$1.5 billion: The cost of cutting London-Tokyo latency by 60ms
me at anuragbhatia.com
Fri Mar 23 06:58:58 CDT 2012
Yeah this is super cool!
I hope ISPs will peer well once cable is ready!
(Sent from my mobile device)
On Mar 23, 2012 5:24 PM, "Eugen Leitl" <eugen at leitl.org> wrote:
> $1.5 billion: The cost of cutting London-Tokyo latency by 60ms
> By Sebastian Anthony on March 20, 2012 at 1:04 pm
> Arctic Link submarine cable
> Starting this summer, a convoy of ice breakers and specially-adapted polar
> ice-rated cable laying ships will begin to lay the first ever trans-Arctic
> Ocean submarine fiber optic cables. Two of these cables, called Artic Fibre
> and Arctic Link, will cross the Northwest Passage which runs through the
> Canadian Arctic Archipelago. A third cable, the Russian Optical
> Submarine Cable System (ROTACS), will skirt the north coast of Scandinavia
> and Russia. All three cables will connect the United Kingdom to Japan,
> with a
> smattering of branches that will provide high-speed internet access to a
> handful of Arctic Circle communities. The completed cables are estimated to
> cost between $600 million and $1.5 billion each.
> All three cables are being laid for the same reasons: Redundancy and speed.
> As it stands, it takes roughly 230 milliseconds for a packet to go from
> London to Tokyo; the new cables will reduce this by 30% to 170ms. This
> speed-up will be gained by virtue of a much shorter run: Currently, packets
> from the UK to Japan either have to traverse Europe, the Middle East, and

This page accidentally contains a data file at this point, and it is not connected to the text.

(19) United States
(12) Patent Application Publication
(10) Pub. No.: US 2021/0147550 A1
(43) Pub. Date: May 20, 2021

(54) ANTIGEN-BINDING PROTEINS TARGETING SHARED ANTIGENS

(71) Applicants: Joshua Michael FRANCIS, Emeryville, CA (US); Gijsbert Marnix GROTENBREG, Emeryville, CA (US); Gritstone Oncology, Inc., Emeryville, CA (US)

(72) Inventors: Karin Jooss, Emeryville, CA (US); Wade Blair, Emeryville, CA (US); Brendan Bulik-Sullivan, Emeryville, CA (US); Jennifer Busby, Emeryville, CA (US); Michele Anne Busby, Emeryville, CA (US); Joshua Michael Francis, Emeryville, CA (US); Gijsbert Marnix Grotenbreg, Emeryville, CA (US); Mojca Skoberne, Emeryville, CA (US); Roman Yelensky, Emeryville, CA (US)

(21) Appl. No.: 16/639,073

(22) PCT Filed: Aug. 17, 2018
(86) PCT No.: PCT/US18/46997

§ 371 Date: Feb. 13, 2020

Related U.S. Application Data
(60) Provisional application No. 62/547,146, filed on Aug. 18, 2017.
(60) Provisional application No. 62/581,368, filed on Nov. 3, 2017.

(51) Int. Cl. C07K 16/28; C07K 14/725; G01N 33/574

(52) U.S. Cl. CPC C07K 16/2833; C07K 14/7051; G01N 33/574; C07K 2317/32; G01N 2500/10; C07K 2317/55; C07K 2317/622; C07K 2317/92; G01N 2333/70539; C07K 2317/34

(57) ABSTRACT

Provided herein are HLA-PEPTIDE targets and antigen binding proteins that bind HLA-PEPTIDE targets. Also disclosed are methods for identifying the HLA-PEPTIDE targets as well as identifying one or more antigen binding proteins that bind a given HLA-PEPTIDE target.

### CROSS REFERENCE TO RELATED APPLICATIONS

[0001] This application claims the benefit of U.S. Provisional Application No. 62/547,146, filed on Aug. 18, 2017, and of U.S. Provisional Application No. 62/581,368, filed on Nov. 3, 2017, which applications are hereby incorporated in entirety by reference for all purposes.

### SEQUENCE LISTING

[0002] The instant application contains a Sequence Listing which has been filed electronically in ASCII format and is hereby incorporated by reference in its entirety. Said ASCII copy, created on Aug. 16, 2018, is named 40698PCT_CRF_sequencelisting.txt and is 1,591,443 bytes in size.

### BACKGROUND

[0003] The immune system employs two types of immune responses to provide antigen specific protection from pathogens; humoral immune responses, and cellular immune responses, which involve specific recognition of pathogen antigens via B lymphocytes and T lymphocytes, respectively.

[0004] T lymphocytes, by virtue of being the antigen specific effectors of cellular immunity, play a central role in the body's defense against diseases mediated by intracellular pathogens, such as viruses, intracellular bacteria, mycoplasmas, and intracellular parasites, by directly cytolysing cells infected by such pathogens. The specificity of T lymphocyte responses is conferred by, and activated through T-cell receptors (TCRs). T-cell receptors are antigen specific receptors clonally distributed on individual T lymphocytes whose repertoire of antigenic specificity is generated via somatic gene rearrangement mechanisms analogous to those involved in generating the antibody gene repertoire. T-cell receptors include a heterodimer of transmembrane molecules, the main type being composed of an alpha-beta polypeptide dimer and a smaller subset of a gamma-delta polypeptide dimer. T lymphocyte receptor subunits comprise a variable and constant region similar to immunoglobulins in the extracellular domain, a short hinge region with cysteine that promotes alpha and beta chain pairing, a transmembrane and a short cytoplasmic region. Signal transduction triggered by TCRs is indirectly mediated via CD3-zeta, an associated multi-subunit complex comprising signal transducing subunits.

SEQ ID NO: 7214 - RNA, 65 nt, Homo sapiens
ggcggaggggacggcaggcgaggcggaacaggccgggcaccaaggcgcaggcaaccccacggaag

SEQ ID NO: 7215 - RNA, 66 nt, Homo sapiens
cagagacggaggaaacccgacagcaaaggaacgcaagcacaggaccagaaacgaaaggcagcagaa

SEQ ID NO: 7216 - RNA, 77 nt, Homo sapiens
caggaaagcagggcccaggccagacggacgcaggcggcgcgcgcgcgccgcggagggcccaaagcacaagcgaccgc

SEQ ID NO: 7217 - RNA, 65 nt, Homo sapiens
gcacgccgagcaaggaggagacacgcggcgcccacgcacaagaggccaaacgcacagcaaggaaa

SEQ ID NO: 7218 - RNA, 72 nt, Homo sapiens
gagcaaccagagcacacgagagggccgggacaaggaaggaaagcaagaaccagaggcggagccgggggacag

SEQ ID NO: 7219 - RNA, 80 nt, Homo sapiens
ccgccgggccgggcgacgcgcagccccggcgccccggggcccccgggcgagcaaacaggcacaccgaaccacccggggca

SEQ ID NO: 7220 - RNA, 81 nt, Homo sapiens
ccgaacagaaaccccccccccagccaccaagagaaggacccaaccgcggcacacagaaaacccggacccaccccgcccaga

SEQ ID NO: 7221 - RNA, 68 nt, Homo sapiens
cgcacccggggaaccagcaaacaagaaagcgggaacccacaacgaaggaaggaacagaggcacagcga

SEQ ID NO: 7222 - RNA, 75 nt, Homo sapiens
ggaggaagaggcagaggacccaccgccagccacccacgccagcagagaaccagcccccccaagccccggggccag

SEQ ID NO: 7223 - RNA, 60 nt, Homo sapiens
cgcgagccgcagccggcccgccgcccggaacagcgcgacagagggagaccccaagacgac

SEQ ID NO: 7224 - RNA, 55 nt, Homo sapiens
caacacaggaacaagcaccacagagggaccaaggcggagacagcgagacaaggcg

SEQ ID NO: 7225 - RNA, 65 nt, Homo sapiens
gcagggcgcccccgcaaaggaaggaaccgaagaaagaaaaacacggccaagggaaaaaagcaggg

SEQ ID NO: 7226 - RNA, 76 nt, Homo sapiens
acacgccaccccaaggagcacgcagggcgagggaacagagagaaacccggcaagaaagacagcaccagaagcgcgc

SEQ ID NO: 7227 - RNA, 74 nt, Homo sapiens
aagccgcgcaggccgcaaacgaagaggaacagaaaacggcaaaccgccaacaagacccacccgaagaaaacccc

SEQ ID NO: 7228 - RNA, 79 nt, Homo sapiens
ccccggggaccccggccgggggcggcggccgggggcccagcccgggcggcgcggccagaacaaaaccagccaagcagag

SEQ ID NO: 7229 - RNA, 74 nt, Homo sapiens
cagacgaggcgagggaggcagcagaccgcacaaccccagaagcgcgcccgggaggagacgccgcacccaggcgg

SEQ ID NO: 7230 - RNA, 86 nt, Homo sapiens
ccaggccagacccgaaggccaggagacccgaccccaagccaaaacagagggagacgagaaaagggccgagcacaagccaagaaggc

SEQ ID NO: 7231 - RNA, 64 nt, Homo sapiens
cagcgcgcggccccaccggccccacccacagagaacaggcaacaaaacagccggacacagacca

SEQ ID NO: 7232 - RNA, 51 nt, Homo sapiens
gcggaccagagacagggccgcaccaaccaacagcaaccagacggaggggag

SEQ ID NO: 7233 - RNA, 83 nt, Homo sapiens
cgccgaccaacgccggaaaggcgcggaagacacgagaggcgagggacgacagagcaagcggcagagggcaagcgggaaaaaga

> Indian Ocean, or the Atlantic, US, and Pacific, both routes racking up
> 15,000 miles in the process. It’s only 10,000 miles (16,000km) across the
> Arctic Ocean, and you don’t have to mess around with any land crossings,
> Russian Optical Trans-Arctic Submarine Cable System (ROTACS) between UK and
> JapanThe massive drop in latency is expected to supercharge algorithmic
> market trading, where a difference of a few milliseconds can gain (or lose)
> millions of dollars. It is for this reason that a new cable is currently
> being laid between the UK and US — it will cost $300 million and shave
> six milliseconds off the fastest link currently available. The lower
> will also be a boon to other technologies that hinge heavily on the
> such as telemedicine (and teleconferencing) and education. Telephone calls
> and live news coverage would also enjoy the significantly lower latency.
> of the fiber optic cables will have a capacity in the terabits-per-second
> range, which will probably come in handy too.
> Beyond the stock markets, though, the main advantage of the three new
> is added redundancy. Currently, almost every cable that lands in Asia goes
> through a choke point in the Middle East or the Luzon Strait between the
> Philippine and South China seas. If a ship were to drag an anchor across
> wrong patch of seabed, billions of people could wake up to find themselves
> either completely disconnected from the internet or surfing with
> speeds. The three new cables will all come down from the north of Japan,
> through the relatively-empty Bering Sea — and the Arctic Ocean, where each
> the cables will run for more than 5,000 miles, is one of the
> parts of the world. That said, the cables will still have to be laid
> of meters below the surface to avoid the tails of roving icebergs.
> The ROTACS cable path
> Each cable will be laid by a pair of ships: an ice breaker that leads the
> way, and a cable ship. Until now it has been impossible to lay cables in
> Arctic Ocean, but the retreat of the Arctic sea ice means that the
> Passage is now generally ice-free from August to October; a big enough
> that cable can be laid fairly safely. Existing cable ships (and there
> many of them) are all outfitted for balmier climes, so all three cables
> require the use of a polar ice-rated ship that has been retrofitted to
> cable-laying gear.
> Read more about the secret world of submarine cables.
> For more information on the Russian Optical Trans-Arctic Submarine Cable
> System (ROTACS), check out the Polarnet Project (machine translated).
> The Arctic Fibre and Arctic Link websites have information on the North
> American cables.
> [Image credit: New Scientist]
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